Is this something to be concerned about? Commercialism has penetrated every aspect of public life. I know I’m old school when I argue for a clear line between the public good and corporate interests, whereas others would say, what’s the big deal? Maybe it shows that corporations are responsive to the public good. Yet, as is the case with BP, it’s one thing to brand yourself and side with a particular outlook, it’s another thing to practice it. Given a choice between CNN and Fox, I would certainly prefer CNN, but I would hardly call the network virtuous. It certainly remains a primary propaganda arm of global capital. This is not a conspiracy, just business. After all, which “side” do you think Time Warner Inc. is on? Wall Street’s or yours?

I suppose the world is more nuanced than my cartoon, punk rock version of it, yet it’s still hard for me stomach this marketing ploy couched as a history lesson.

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BP games Google and chemical disbursements for the mind

(Check out Greenpeace’s re-brand BP page)

An interesting item from the Huff Post: BP is greenwashing Google searches through paid ad placements. I haven’t commented yet on the spill because this catastrophe is so huge, I can’t seem to contain it. A quick thought, though, related to this post’s lead: I think it’s interesting (and predictable) that BP’s history of greenwashing would translate as actual clean-up strategy. The use of chemical oil disbursements, for example, eliminates the visual scourge of oil slicks while poisoning the ocean bottom and doing little to stop the underwater oil plumes. Is this not a perfect metaphor for the psychic effects of greenwashing?

Finally, more fodder for the doublethink department: I’m increasingly concerned that the Right is using this spill to attack environmentalists, using their PR witchcraft to power an unconscionable noise machine. As always I hope that people will see through this, especially when oil starts raining down on rich coastal communities during hurricane season. Golf courses and McMansions offer no shelter from evil.

It reminds me of a scene in Three Kings when the Iraqi soldier pours oil down George Clooney’s throat while berating him: “You want oil? Here’s you’re oil!” (I’m paraphrasing here.) This will surely be a test of the addict’s denial mechanism. Will this be the bottoming out in which a life-changing turn-around commences for the addict? Will we enter into collective OA (Oil Anonymous)? Will this be our Chernobyl cum Berlin Wall moment?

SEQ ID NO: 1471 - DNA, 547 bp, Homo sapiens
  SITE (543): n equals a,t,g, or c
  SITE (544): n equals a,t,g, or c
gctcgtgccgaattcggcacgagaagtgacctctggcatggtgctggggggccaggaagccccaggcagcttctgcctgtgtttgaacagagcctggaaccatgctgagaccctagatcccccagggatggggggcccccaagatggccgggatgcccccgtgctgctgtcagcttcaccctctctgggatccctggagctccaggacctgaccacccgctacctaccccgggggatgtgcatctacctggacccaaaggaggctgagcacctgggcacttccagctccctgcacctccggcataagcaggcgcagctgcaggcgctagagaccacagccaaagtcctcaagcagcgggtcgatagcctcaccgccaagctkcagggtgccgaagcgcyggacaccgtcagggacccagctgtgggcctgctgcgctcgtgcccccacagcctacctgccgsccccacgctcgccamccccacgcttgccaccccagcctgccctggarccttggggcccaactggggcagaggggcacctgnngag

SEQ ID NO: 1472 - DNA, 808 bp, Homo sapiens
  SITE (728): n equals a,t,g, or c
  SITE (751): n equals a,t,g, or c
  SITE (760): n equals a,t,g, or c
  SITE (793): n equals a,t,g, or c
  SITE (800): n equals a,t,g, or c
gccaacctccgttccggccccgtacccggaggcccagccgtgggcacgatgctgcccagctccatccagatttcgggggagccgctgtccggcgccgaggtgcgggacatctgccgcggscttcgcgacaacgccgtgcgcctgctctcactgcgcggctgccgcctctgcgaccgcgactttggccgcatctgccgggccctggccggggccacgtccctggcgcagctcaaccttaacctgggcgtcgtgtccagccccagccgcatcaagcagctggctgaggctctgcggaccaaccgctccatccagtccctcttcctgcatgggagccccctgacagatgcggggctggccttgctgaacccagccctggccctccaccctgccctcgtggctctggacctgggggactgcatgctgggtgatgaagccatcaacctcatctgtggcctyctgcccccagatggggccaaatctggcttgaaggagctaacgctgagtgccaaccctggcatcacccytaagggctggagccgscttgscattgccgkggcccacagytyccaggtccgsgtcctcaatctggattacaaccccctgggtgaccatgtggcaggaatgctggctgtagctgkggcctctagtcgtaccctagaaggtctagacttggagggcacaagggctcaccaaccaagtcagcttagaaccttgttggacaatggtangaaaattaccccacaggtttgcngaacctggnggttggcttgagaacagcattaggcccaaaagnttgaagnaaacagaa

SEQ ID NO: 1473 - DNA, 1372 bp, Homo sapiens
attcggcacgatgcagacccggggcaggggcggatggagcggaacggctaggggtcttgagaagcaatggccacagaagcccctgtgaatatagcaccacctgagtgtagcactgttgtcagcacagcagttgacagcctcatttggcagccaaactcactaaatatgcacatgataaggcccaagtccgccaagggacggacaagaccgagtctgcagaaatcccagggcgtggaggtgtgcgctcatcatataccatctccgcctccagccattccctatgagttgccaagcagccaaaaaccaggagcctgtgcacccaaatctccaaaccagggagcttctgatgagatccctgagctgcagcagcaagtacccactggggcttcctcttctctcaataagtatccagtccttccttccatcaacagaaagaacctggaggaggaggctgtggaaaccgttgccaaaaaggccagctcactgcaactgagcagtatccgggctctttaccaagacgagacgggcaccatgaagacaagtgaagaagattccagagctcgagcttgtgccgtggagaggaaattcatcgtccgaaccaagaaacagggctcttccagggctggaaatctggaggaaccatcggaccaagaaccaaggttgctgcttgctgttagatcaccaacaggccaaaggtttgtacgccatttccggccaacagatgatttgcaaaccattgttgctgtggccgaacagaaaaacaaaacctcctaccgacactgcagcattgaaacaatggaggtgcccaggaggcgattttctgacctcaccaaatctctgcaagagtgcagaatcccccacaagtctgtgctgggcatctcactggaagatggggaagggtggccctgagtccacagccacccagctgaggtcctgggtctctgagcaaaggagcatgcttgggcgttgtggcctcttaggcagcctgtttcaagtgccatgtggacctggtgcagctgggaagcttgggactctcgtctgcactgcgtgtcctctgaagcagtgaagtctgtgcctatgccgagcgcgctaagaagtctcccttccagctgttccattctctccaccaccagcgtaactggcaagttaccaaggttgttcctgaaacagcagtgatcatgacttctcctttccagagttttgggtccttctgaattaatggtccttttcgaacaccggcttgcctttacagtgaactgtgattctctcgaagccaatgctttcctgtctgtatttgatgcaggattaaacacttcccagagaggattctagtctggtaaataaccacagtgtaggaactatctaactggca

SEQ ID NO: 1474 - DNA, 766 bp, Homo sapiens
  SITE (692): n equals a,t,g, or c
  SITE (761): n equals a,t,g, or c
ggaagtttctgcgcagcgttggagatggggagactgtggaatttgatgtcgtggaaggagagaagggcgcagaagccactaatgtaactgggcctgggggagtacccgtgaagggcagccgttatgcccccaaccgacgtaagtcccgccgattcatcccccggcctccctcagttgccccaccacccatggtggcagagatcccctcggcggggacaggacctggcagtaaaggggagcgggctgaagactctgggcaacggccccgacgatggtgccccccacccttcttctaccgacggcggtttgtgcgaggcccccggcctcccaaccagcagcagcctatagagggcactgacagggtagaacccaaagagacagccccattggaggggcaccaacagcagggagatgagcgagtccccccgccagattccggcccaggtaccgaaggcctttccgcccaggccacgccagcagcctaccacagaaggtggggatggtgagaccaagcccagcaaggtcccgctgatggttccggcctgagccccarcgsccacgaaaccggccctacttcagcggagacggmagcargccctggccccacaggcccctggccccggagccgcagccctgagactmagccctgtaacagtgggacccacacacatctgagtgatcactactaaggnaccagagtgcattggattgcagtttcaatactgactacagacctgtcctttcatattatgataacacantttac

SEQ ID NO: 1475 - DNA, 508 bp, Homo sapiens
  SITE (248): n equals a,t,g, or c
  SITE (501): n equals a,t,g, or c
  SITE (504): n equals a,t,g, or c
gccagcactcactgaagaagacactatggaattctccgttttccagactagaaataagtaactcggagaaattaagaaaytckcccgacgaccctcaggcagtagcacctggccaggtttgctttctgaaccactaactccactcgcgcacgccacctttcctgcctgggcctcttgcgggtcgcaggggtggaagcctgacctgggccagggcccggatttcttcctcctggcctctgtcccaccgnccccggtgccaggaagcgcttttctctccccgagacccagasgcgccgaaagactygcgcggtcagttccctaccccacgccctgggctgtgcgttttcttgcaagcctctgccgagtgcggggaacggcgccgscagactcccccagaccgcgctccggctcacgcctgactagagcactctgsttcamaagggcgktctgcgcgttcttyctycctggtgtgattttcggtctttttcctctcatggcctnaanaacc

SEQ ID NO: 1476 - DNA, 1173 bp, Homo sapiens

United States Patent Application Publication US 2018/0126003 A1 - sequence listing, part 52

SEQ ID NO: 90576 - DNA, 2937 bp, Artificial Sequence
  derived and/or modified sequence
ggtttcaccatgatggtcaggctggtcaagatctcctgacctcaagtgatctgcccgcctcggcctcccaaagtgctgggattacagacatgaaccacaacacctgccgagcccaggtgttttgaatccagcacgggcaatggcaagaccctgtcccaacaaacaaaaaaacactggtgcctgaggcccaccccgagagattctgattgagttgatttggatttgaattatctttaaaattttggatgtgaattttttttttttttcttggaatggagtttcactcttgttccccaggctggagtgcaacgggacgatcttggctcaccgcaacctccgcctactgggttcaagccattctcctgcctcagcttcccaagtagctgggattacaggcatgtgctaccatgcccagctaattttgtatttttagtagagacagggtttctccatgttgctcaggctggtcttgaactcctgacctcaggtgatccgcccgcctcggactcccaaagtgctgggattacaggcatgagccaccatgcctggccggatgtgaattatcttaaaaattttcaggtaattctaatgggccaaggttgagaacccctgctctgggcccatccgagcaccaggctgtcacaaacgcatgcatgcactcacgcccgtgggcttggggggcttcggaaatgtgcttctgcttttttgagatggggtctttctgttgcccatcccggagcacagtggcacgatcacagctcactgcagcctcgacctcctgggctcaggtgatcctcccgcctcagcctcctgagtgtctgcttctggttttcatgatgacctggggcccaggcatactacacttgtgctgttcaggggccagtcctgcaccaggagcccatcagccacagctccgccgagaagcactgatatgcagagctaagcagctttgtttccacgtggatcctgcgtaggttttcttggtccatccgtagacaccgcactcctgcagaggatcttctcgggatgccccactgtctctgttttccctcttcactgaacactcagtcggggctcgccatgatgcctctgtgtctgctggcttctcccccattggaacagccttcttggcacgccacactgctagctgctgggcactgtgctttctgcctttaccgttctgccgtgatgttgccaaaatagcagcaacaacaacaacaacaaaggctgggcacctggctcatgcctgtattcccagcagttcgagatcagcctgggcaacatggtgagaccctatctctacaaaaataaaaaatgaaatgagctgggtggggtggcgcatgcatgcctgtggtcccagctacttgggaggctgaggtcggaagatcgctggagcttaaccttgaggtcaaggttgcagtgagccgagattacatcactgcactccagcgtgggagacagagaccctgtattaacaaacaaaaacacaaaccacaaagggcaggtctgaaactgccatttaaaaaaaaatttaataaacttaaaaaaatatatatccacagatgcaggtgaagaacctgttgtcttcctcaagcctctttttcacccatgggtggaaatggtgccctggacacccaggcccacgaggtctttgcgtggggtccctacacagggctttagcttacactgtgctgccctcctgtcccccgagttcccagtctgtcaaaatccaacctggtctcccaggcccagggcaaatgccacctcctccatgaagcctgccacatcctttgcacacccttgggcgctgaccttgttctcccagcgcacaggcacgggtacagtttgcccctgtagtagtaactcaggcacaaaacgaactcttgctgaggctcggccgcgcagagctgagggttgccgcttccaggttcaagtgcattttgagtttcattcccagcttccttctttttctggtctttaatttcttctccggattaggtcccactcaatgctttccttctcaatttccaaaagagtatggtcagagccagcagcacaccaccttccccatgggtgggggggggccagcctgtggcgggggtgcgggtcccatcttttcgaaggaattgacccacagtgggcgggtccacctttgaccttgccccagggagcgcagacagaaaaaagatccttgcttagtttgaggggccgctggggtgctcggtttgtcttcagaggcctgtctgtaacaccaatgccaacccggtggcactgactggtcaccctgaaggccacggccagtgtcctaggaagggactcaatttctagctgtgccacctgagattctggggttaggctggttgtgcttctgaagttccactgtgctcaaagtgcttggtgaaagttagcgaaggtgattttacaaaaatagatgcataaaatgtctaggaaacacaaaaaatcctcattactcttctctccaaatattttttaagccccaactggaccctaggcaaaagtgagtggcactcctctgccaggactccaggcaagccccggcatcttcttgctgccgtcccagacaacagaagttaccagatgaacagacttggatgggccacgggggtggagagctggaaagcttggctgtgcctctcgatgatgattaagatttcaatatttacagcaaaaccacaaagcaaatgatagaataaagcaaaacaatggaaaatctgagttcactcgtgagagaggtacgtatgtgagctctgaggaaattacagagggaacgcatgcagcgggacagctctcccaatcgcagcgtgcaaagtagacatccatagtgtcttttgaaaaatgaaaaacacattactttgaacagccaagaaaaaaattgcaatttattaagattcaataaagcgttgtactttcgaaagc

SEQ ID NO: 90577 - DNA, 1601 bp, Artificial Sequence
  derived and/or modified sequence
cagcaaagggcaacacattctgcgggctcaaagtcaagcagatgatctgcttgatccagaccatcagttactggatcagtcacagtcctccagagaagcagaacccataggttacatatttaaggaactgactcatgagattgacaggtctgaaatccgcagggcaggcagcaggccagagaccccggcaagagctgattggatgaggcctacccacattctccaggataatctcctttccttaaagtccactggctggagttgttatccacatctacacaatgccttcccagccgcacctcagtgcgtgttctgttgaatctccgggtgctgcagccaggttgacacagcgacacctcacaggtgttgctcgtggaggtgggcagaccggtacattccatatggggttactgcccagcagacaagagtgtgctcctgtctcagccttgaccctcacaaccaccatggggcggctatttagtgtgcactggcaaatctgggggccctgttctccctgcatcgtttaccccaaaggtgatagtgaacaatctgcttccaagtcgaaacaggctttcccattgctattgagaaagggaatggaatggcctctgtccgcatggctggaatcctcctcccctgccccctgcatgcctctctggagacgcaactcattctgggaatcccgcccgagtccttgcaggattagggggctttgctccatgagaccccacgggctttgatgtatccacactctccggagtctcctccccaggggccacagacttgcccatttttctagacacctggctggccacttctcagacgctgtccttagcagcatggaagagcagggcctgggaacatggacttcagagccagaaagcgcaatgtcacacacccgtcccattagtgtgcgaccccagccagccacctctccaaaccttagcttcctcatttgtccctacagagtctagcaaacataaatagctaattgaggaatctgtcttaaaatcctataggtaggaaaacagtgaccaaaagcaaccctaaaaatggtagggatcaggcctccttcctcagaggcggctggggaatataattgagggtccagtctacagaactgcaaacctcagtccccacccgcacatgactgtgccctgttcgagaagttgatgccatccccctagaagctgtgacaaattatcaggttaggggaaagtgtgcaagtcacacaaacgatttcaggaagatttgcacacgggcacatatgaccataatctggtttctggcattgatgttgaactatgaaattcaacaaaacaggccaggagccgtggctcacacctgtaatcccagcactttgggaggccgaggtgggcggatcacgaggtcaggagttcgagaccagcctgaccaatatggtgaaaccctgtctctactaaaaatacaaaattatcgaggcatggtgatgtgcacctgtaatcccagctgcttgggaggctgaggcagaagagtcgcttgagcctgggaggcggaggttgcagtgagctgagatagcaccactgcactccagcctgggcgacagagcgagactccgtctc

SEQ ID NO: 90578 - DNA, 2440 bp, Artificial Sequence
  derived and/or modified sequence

As they say, denial ain’t a river in Egypt. It’s a big, fat ink blot on the region whose circular depression was created by an ancient meteor believed to have caused our last global extinction. Its legacy is the fuel that drives our entire economic system: decomposed dinosaur.

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The sport of mindfrakking, or how my pointless outrage helps spread another ad virus

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The pith* theory of advertising.

* Pithing is when you stick a needle in the brain of a live frog. The goal is to scramble its brain in order to immobilize it for dissection while it is still alive. When applied to advertising a paradox or insult is used like a needle to confuse and conquer unwilling media gawkers into immobile rage. In protest I won’t post a link.

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Ciao amigo, buy me

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This is an interesting ad that blurs the lines between self-reflexivity, DIY and marketing. You can click each element and it explains why it’s there. I think it works because it offers to teach something you may not know, all the while offering a way to further your curiosity. I’ve noticed that a lot new media has a very buttoned down, let’s hang out and chat kind of discourse. Does this mean we have reached the end of empire in which we are told what is good for us? Or is this just a more relaxed version?